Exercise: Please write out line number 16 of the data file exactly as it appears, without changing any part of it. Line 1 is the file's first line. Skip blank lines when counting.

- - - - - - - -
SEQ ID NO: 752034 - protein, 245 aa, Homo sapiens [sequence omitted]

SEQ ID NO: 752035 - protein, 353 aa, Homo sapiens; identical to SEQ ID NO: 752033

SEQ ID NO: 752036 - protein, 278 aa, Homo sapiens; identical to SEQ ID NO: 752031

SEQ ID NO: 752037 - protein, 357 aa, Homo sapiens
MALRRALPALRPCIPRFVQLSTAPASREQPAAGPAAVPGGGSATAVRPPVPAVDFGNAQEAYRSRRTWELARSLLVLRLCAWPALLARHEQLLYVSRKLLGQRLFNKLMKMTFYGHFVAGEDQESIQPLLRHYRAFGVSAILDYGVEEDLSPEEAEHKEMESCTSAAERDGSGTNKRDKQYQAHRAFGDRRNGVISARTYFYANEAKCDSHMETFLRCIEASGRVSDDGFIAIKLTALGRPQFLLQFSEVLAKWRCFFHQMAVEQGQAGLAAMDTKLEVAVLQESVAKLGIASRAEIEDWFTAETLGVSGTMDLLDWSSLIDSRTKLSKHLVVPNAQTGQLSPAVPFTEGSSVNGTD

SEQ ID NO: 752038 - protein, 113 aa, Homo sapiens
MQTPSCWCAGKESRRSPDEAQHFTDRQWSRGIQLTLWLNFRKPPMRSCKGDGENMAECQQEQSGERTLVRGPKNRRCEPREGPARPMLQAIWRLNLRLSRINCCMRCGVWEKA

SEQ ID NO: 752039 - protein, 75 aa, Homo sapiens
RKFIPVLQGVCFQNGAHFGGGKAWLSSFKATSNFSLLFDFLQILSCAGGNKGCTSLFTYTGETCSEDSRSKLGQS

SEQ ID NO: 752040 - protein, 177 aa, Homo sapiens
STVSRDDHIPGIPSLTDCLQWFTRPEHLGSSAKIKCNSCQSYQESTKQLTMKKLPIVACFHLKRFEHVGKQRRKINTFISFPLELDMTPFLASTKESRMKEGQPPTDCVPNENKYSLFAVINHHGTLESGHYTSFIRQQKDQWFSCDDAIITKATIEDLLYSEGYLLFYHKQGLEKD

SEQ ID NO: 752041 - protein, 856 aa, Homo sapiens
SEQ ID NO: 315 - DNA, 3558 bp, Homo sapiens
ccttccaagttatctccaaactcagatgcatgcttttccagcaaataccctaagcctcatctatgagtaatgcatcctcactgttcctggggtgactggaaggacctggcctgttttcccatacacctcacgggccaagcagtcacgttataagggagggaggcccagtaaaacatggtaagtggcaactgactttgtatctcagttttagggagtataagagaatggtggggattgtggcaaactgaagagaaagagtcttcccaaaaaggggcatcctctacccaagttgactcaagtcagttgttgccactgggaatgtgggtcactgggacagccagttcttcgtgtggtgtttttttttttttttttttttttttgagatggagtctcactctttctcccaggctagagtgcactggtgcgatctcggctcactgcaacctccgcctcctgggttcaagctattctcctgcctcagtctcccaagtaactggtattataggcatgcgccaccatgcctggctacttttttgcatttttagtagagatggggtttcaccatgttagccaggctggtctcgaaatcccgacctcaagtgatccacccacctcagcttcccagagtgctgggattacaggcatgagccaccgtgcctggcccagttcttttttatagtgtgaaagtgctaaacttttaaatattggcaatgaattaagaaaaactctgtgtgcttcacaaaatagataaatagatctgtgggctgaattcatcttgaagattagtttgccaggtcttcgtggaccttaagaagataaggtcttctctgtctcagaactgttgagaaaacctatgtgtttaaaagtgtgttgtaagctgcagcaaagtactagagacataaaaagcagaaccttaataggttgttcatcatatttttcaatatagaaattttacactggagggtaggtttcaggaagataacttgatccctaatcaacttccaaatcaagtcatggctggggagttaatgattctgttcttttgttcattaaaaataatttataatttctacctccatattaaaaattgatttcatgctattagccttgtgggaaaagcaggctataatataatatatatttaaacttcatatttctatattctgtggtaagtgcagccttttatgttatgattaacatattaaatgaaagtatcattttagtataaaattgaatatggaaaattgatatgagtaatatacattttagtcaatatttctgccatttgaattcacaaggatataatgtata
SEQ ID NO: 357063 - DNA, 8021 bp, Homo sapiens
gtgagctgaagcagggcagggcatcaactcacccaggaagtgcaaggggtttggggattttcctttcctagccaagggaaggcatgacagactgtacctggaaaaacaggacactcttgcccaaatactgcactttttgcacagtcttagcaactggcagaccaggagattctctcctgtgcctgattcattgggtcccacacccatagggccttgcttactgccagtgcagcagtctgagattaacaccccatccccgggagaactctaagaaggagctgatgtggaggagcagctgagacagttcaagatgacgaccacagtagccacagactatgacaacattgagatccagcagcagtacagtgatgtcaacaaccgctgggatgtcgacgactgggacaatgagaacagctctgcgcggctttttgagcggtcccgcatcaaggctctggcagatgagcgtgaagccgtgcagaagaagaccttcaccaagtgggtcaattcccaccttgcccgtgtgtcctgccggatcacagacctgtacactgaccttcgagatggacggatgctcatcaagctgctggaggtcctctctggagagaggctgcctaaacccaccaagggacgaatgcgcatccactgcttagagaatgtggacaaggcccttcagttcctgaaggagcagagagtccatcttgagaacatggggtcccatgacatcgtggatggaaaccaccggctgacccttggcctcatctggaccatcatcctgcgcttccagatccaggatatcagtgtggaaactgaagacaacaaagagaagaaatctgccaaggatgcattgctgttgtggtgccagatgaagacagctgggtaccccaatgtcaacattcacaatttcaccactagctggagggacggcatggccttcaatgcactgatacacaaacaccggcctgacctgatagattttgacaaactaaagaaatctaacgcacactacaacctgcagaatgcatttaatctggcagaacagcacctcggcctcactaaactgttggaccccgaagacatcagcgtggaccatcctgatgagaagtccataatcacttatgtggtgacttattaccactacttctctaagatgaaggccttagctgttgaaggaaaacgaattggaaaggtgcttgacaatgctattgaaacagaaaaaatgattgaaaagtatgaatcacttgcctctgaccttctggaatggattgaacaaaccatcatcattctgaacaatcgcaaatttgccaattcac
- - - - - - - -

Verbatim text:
gtgagctgaagcagggcagggcatcaactcacccaggaagtgcaaggggtttggggattttcctttcctagccaagggaaggcatgacagactgtacctggaaaaacaggacactcttgcccaaatactgcactttttgcacagtcttagcaactggcagaccaggagattctctcctgtgcctgattcattgggtcccacacccatagggccttgcttactgccagtgcagcagtctgagattaacaccccatccccgggagaactctaagaaggagctgatgtggaggagcagctgagacagttcaagatgacgaccacagtagccacagactatgacaacattgagatccagcagcagtacagtgatgtcaacaaccgctgggatgtcgacgactgggacaatgagaacagctctgcgcggctttttgagcggtcccgcatcaaggctctggcagatgagcgtgaagccgtgcagaagaagaccttcaccaagtgggtcaattcccaccttgcccgtgtgtcctgccggatcacagacctgtacactgaccttcgagatggacggatgctcatcaagctgctggaggtcctctctggagagaggctgcctaaacccaccaagggacgaatgcgcatccactgcttagagaatgtggacaaggcccttcagttcctgaaggagcagagagtccatcttgagaacatggggtcccatgacatcgtggatggaaaccaccggctgacccttggcctcatctggaccatcatcctgcgcttccagatccaggatatcagtgtggaaactgaagacaacaaagagaagaaatctgccaaggatgcattgctgttgtggtgccagatgaagacagctgggtaccccaatgtcaacattcacaatttcaccactagctggagggacggcatggccttcaatgcactgatacacaaacaccggcctgacctgatagattttgacaaactaaagaaatctaacgcacactacaacctgcagaatgcatttaatctggcagaacagcacctcggcctcactaaactgttggaccccgaagacatcagcgtggaccatcctgatgagaagtccataatcacttatgtggtgacttattaccactacttctctaagatgaaggccttagctgttgaaggaaaacgaattggaaaggtgcttgacaatgctattgaaacagaaaaaatgattgaaaagtatgaatcacttgcctctgaccttctggaatggattgaacaaaccatcatcattctgaacaatcgcaaatttgccaattcac